So, hey. I’m getting married in 6 weeks.
I read this essay this morning before I got out of bed, and it totally made me settle a little bit on this front. Because, hey, look at that. Nothing we ever feel is unique. I am, expectably, not alone in this ambivalence. I am not a special snowflake who finds it strange to be contemplating a second wedding when the first failed so spectacularly.
“You cannot think of one marriage without the other, or at least I can’t. I squint at other second-time brides, wondering if they’re experiencing the same duality, as if they’ve walked all the way around the world only to arrive in familiar territory as completely different people. It’s hard for me to believe they can put on a white dress and stand up there and make those promises while thinking, ‘Nope, none of this reminds me of anything in particular’, but if they’re thinking anything else, they’re too polite to say so.” From Once More With Feeling.
And this is absolutely part of my challenge in talking openly about getting married to Justin: I can’t talk about it without thinking that I’m getting married AGAIN. Which means saying out loud “I’m getting married in August!” while finishing the sentence mentally “…AGAIN.” Part of that frustration and instinctive reaction comes from the fact that I never really wanted to get married once, let alone twice. When I was in college I said to my mom that I was pretty sure I’d have kids, but I was positive I wouldn’t ever get married. (We see how well that’s worked out so far.)
But consider: The long-term marrieds in my family are the most traditional and conservative people I know, and are representative of the part of my upbringing I was most adamant about walking away from. I’m not that kind of woman, and I don’t want that kind of life. (There’s no judgement of my family in that; I just wanted something different, and have walked a different path by choice.) The people to whom I feel the most emotional kinship — my parents — were married for 10 years, divorced, got back together for 10 more years, and then split again. So I say my parents divorced when I was 17, but I mean “their relationship ended”. They were divorced when I was 7. And the commitment and love of the 2nd round of 10 years was no more or less meaningful for the lack of a ceremony. Right up until they weren’t, I always believed my parents were committed to each other and our family, and I never stopped believing that they loved each other deeply. So why would I believe that a wedding was somehow the important thing? I have no evidence of that. The love and commitment, yes. The wedding, not so much. Not to mention that it is, in so many ways, something I rail against: Government intrusion in a truly personal thing. Why does the State get to approve my choices and validate them with laws? Fuck off, State.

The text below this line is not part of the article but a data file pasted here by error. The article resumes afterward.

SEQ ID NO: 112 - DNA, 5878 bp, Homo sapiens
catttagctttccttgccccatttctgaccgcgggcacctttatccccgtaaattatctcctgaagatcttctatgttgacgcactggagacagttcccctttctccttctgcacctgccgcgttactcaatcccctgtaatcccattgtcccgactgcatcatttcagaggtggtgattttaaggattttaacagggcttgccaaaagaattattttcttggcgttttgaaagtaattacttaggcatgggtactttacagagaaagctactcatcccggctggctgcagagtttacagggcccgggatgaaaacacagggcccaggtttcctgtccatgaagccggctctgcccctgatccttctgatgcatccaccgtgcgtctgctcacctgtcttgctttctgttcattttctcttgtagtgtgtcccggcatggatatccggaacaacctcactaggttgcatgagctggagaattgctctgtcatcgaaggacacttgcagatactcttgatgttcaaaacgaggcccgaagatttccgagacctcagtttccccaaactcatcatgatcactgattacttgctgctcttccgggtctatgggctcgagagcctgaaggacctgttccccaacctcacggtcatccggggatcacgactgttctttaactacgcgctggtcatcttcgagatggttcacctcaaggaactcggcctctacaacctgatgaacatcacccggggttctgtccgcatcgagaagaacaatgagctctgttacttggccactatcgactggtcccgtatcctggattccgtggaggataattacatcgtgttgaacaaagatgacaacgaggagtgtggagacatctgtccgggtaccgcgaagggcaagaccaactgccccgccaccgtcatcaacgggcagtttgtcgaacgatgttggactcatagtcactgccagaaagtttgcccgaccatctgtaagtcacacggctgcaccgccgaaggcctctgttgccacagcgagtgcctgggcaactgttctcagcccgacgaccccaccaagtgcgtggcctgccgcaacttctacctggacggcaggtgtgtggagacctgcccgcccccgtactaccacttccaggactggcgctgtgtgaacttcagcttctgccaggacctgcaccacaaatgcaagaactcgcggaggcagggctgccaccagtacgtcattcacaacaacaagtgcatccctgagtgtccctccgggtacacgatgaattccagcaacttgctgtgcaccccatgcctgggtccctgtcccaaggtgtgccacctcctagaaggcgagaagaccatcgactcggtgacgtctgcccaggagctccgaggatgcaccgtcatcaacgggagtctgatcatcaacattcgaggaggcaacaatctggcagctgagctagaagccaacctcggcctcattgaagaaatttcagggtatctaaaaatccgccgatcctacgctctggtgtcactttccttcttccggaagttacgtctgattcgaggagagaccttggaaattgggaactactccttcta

And yet here it is. I’m doing it. AGAIN.
But above all else, I don’t want to flavor my relationship to Justin and our choice to get married with the baggage of the last one — not any more than our relationship is already colored by all of our past choices and loves. It deserves to be separate. We deserve that. But for me, it’s still THERE. Always.
So there are jokes I only tell to a small group of people. Comments I only make to the people who won’t judge me too harshly. And I do my very best to smile past my discomfort and talk openly and cheerfully about our plans for this party. I try to let go of my own hesitations about ceremony and formality and legality and repetitions, and just enjoy this moment in my life with him by my side. I try to enjoy this man, and the life we’re building. To appreciate my joy. Because the joy is real. The joy is meaningful. The man is mine, and I intend to keep him forever. I want this life. I love these choices. I want to give him as much as he gives me.
I just, deep down, struggle to see what “marriage” has to do with any of that, and wish my own experiences didn’t already leave me feeling slightly distasteful about the whole concept.